AF Reservist is leading scholar on Chinese military

  • Published
  • By Master Sgt. Timm Huffman
  • Headquarters Individual Reservist Readiness and Integration Organization

Forty-six weeks out of the year, Oriana Skylar Mastro goes to work along the banks of the Potomac River as an assistant professor of security studies at Georgetown University in Washington, D.C.

For the other six weeks of the year, she is Captain Mastro, an Air Force Reserve Individual Mobilization Augmentee assigned to Pacific Air Force, as a political military affairs strategist.

The Airman, who holds a doctorate in politics from Princeton University, said there is a symbiotic relationship between her two careers.

“Originally when I joined, the conventional wisdom was that my civilian career was ruined - the academic and military paths do no tend to go well together,” said Mastro. “But now, after over seven years, I'm happy to say that those fears were unwarranted.”

The Chinese military and security policy expert wasn’t always interested in East Asian studies. When she first entered Stanford University for her undergraduate degree, she was primarily interested in the drama and music programs. However, as she explored different subjects through her course work, she found an interest in Chinese language and history.

A life-long lover of languages, she set out to learn Mandarin as a way to challenge herself. Mastro took a year off from her regular studies to enter an immersive language program in Beijing, spending up to six hours a day learning the world’s most spoken language. 

Then, during her senior year at Stanford, her love for Chinese culture intersected with her future career when she was accepted into an honors program in international security. She discovered she also enjoyed studying the Chinese military.

“I realized that the U.S.-China relationship would shape the future and I wanted to be a part of that,” she said.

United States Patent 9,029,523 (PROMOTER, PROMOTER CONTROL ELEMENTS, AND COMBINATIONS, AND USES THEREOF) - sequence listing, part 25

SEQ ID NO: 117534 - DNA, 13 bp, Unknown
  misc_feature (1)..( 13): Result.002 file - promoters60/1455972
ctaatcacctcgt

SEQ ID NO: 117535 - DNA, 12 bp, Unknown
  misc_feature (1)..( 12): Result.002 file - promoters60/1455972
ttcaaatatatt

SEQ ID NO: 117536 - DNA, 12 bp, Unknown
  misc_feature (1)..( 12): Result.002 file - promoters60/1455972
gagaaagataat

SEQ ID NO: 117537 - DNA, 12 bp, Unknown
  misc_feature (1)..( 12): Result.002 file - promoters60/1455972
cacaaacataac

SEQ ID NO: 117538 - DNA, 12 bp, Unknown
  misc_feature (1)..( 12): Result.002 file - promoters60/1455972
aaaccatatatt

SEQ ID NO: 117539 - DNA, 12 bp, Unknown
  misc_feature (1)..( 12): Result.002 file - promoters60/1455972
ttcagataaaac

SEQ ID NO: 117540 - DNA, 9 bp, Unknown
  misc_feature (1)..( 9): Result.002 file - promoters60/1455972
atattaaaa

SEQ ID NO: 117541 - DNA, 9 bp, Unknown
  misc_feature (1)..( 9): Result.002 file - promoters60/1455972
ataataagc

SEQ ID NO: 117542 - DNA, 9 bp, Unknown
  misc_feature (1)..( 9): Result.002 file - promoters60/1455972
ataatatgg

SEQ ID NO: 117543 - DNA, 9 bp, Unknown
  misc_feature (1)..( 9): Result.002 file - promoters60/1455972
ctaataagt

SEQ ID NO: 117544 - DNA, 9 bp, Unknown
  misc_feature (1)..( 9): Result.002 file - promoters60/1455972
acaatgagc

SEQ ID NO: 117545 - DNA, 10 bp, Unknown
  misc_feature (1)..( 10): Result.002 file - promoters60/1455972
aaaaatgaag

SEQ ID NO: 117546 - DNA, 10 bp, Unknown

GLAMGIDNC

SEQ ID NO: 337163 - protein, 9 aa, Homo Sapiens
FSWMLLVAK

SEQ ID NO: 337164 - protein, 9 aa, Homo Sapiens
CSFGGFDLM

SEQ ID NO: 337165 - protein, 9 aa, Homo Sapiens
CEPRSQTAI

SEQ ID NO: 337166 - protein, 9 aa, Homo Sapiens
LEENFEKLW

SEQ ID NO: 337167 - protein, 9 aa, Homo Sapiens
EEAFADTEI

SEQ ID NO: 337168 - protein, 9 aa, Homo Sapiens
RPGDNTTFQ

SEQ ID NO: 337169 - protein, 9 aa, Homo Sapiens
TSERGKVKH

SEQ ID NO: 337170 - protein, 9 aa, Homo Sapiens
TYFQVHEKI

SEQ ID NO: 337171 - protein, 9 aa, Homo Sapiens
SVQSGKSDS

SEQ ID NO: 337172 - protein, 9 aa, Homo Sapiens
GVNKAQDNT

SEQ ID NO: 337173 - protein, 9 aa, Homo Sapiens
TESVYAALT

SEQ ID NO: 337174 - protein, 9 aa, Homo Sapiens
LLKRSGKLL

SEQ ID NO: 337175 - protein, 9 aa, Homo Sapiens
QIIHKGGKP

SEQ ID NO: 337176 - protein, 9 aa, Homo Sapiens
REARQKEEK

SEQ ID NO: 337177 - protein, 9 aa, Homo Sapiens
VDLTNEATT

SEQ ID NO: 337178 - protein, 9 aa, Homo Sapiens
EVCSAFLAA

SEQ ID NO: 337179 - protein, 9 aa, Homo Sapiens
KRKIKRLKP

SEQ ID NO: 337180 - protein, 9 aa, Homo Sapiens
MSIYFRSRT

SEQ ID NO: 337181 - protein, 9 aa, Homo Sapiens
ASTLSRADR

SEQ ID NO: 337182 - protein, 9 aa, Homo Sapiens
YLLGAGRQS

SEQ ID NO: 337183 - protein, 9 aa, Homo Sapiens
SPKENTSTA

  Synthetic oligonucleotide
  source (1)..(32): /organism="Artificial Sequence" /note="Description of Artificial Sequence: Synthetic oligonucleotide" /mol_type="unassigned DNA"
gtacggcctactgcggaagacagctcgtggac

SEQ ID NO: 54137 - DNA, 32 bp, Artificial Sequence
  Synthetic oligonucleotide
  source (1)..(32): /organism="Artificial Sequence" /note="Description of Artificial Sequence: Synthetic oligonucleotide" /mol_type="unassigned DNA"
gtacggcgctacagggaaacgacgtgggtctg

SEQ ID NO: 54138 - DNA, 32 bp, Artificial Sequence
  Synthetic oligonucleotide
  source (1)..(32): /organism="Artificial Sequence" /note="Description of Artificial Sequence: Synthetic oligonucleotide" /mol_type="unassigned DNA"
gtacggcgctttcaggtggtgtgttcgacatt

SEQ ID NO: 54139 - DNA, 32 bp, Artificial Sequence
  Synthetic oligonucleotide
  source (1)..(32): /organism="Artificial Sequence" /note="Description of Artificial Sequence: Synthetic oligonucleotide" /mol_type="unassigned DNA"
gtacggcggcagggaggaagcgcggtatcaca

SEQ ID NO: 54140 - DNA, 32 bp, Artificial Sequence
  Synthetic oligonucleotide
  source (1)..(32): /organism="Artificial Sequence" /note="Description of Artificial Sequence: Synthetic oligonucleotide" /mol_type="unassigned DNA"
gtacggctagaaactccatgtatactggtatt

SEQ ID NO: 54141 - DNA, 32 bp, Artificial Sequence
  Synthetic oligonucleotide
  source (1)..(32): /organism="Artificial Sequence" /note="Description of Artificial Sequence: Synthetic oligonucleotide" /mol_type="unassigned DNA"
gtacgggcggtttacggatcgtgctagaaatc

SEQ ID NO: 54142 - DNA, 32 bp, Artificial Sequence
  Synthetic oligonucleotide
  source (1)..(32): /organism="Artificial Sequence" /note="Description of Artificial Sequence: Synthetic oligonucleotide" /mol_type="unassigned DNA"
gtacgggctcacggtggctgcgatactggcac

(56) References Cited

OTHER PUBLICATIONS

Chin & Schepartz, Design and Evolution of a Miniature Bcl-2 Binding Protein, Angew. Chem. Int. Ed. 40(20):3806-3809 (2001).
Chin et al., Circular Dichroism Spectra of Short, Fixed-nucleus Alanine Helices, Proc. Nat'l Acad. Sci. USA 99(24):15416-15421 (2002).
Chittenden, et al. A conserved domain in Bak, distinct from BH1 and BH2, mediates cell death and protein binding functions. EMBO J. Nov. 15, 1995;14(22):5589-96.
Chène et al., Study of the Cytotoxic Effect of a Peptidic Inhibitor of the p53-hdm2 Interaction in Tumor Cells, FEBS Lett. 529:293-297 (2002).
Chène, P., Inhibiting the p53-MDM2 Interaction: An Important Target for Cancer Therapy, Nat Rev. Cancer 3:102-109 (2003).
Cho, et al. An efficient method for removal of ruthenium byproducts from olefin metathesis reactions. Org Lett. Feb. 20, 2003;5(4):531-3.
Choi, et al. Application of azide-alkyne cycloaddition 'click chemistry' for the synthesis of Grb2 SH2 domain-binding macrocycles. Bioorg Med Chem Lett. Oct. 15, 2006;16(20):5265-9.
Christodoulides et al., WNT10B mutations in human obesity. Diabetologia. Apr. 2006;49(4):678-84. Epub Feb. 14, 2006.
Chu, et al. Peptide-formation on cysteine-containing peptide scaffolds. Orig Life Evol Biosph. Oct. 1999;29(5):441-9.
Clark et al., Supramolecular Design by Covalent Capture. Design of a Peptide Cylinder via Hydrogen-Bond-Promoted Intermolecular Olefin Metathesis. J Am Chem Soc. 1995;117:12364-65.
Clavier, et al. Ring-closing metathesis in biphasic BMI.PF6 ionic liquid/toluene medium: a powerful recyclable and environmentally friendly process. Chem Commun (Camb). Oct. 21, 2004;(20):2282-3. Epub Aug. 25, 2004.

After graduating from Stanford, Mastro spent a year at the Carnegie Endowment for International Peace. According to its website, the think tank’s mission is “to advance the cause of peace through analysis and development of fresh policy ideas and direct engagement and collaboration with decision-makers in government, business, and civil society.” She spent her time there as a junior fellow, working under senior fellow Michael Swaine, an expert on the Chinese military.

After leaving the think tank, she attended Princeton University to earn her masters and then her doctorate in politics. During her third year, she met a former deputy commander of Pacific Command, Lt. Gen. Dan Leaf, who convinced her she could make contributions to the nation’s defense. In 2009, she joined the Air Force Reserve as an IMA.

IMAs are Air Force Reservists who are assigned to active-component organizations and government agencies around the world. In addition to their primary mission of serving as a backfill during times of war, they also offer a cost-effective way to increase manpower when needed. And, as in Mastro’s case, many bring a wealth of unique skills, knowledge and experience from the civilian sector that the Department of Defense would not normally have access to.